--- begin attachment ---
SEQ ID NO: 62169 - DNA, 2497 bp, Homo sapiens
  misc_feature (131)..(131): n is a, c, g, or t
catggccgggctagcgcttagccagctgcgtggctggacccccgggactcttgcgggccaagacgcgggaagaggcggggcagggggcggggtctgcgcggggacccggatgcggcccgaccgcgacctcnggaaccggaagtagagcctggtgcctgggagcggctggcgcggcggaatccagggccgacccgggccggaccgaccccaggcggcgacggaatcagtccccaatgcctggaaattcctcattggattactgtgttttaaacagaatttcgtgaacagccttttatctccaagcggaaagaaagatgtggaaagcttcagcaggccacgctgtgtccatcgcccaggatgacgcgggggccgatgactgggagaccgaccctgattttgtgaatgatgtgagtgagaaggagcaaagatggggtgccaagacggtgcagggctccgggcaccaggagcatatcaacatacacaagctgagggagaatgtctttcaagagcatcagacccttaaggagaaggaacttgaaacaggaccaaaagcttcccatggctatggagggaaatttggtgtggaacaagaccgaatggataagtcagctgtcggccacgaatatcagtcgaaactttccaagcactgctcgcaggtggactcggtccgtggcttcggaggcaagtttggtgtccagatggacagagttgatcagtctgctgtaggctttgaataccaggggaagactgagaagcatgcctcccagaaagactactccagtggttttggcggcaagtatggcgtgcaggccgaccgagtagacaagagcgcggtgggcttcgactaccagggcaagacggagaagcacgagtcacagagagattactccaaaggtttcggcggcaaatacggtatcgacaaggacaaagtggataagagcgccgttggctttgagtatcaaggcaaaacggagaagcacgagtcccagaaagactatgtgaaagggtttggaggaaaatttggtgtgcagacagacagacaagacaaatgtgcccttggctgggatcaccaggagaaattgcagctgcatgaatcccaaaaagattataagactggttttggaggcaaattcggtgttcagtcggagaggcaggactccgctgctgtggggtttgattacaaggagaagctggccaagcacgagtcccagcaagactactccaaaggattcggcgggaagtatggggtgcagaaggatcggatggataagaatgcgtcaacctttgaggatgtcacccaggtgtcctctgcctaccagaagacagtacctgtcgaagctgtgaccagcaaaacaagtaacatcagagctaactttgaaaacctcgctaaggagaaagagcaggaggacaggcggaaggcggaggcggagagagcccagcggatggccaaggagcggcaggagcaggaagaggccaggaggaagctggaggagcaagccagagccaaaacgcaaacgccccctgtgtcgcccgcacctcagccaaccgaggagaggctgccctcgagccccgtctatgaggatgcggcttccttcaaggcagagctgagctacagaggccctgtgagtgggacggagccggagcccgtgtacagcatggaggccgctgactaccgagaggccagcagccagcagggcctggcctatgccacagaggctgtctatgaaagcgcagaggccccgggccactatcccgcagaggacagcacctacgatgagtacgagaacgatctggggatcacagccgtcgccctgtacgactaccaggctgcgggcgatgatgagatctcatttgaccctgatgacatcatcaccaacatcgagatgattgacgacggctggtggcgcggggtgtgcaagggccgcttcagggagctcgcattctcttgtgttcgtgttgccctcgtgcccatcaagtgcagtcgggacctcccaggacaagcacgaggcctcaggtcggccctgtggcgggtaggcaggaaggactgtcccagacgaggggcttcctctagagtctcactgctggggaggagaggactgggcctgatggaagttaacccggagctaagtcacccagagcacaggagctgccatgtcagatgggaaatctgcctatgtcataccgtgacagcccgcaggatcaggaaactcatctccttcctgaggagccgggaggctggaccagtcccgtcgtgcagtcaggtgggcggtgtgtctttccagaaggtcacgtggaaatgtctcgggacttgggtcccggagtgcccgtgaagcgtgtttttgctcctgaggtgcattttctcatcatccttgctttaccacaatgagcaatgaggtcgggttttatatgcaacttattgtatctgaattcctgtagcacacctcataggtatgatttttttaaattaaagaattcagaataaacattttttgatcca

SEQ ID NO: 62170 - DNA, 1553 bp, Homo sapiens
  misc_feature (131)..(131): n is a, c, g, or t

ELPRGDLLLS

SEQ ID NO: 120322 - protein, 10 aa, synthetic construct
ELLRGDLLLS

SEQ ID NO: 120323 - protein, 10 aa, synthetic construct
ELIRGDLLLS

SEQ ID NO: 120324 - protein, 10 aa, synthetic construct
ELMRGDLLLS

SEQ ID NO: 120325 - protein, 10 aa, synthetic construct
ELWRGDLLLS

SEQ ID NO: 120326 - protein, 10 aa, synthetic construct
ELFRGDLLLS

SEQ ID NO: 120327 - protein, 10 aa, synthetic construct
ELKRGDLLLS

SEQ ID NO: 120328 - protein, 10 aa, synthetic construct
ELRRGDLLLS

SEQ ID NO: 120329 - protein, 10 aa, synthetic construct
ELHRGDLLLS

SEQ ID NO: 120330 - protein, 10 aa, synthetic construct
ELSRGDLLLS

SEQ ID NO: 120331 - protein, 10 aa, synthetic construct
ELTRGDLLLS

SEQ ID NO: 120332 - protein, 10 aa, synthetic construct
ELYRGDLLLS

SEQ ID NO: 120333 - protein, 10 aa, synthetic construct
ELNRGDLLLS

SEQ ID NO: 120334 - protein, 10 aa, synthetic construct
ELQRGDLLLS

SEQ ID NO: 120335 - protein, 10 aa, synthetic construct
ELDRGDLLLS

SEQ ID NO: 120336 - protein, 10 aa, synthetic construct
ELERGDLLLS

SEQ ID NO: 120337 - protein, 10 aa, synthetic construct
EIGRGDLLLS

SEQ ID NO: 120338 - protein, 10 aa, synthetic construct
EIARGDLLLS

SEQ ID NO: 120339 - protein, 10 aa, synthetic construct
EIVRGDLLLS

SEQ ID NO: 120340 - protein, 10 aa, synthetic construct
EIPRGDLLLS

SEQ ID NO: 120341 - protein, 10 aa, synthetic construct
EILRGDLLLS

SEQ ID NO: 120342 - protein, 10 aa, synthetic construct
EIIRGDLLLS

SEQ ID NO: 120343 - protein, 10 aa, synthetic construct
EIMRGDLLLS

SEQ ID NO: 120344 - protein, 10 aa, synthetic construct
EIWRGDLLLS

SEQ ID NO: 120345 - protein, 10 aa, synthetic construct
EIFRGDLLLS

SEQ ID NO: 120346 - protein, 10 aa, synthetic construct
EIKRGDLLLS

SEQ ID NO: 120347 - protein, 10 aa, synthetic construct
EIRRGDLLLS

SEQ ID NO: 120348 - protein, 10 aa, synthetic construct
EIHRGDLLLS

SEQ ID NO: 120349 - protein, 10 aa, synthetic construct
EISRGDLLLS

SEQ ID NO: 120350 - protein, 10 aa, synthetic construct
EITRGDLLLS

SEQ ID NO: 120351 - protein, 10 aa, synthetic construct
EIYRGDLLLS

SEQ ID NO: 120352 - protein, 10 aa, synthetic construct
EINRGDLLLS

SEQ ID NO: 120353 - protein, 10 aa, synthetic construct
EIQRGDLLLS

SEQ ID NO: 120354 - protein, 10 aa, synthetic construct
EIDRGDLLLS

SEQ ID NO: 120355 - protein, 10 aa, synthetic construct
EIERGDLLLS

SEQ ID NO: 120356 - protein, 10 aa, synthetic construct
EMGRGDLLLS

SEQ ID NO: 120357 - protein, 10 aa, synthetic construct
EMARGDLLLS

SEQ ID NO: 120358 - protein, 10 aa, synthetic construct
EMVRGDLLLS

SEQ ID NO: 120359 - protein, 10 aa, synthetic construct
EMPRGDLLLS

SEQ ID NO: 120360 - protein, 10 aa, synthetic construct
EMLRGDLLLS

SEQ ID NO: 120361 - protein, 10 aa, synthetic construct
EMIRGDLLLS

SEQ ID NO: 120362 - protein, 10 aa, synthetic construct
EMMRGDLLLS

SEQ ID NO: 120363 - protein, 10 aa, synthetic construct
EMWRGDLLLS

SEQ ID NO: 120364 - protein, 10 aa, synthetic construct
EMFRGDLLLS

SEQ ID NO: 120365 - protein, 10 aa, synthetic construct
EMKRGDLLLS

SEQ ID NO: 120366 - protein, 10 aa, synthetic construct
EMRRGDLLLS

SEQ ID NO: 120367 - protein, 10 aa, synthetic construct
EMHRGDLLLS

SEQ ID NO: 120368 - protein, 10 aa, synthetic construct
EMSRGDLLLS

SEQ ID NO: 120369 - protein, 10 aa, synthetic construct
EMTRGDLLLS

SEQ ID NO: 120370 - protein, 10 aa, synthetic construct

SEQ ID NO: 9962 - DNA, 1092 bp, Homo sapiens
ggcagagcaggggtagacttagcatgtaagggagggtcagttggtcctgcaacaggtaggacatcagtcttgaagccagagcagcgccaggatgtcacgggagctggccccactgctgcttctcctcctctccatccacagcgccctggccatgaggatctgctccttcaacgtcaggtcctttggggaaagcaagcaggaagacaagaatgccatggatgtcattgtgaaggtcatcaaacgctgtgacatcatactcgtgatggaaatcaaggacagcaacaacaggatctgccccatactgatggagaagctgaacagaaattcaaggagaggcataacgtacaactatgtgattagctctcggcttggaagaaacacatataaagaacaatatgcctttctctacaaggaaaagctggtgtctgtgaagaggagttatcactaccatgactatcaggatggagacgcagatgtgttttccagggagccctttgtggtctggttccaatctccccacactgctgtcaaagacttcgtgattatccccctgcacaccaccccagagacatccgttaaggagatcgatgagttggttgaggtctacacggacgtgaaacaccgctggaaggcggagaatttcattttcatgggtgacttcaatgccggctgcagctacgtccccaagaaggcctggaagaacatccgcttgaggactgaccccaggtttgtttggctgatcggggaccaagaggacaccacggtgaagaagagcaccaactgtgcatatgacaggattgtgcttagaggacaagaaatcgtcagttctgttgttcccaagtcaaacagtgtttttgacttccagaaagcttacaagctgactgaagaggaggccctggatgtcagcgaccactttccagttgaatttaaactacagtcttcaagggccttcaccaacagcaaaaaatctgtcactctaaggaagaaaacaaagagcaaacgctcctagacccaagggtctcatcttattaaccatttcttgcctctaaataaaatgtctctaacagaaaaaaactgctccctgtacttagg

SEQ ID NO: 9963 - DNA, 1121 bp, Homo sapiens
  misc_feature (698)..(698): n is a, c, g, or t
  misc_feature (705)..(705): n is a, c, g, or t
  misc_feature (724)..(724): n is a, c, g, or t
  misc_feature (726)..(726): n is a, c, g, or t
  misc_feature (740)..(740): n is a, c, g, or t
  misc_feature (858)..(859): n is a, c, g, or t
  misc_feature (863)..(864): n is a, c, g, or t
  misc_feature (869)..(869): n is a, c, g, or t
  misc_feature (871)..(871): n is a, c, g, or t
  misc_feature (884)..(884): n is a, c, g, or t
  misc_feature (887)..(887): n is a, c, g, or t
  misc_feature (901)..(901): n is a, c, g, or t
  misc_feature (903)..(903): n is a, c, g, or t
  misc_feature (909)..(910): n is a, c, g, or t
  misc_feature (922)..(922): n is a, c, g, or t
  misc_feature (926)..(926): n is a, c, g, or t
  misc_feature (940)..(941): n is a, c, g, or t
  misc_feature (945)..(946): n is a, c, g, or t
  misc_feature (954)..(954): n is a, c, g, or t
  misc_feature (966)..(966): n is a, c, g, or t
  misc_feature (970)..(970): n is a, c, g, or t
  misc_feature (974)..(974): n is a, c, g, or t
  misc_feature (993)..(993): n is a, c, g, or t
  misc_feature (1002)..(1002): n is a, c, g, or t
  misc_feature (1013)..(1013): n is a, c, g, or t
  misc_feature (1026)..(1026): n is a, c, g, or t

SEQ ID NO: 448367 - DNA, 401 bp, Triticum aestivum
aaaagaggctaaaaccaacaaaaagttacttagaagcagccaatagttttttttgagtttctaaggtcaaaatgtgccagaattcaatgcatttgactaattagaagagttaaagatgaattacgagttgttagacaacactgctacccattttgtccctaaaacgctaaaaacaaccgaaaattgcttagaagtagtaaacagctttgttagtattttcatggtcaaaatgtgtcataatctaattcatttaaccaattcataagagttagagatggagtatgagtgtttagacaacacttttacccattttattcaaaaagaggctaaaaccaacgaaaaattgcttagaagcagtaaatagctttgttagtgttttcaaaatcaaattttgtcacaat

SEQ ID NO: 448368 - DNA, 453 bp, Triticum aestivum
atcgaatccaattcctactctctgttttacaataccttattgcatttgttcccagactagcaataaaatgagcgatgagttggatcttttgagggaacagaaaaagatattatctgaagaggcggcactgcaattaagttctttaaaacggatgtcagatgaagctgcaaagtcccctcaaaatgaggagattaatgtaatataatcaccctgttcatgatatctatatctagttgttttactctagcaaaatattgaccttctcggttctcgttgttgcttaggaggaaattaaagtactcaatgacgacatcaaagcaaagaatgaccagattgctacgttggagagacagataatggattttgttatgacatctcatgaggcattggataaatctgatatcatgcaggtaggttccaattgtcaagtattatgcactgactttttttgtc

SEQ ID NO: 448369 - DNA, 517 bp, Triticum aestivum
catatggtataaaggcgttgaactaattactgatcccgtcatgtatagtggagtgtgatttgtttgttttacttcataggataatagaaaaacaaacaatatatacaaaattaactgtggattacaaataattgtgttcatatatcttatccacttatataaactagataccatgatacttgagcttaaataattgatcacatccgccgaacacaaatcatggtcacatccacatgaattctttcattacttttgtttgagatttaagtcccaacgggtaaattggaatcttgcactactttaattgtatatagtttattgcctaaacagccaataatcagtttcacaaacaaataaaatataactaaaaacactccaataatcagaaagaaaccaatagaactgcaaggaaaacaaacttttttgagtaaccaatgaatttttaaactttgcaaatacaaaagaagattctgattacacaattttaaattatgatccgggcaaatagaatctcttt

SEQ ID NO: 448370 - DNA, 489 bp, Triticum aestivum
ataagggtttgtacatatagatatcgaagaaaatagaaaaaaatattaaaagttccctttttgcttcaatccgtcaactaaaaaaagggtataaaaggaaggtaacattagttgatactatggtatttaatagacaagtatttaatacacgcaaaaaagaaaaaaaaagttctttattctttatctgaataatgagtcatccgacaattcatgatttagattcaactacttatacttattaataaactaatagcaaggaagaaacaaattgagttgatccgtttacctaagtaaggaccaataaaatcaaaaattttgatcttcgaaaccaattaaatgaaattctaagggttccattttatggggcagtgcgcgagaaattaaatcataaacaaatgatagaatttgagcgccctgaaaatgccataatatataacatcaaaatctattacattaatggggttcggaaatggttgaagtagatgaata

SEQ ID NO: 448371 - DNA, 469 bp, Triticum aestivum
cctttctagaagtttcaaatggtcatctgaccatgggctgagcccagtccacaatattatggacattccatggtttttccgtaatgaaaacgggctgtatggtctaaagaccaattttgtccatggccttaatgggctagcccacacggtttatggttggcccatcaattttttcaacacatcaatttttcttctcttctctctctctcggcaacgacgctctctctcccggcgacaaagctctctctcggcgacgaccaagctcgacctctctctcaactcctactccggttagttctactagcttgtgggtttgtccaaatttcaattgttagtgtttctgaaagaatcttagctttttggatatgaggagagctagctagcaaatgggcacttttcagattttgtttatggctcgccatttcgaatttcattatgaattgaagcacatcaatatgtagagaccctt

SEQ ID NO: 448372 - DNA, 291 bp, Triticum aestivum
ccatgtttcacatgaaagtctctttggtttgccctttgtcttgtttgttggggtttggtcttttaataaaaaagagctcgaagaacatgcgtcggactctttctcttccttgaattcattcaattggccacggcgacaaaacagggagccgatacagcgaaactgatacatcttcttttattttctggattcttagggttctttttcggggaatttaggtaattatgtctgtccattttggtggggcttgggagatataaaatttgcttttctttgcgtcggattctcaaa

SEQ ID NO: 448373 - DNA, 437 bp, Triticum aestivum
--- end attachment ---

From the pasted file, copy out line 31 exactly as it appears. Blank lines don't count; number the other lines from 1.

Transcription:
SEQ ID NO: 120334 - protein, 10 aa, synthetic construct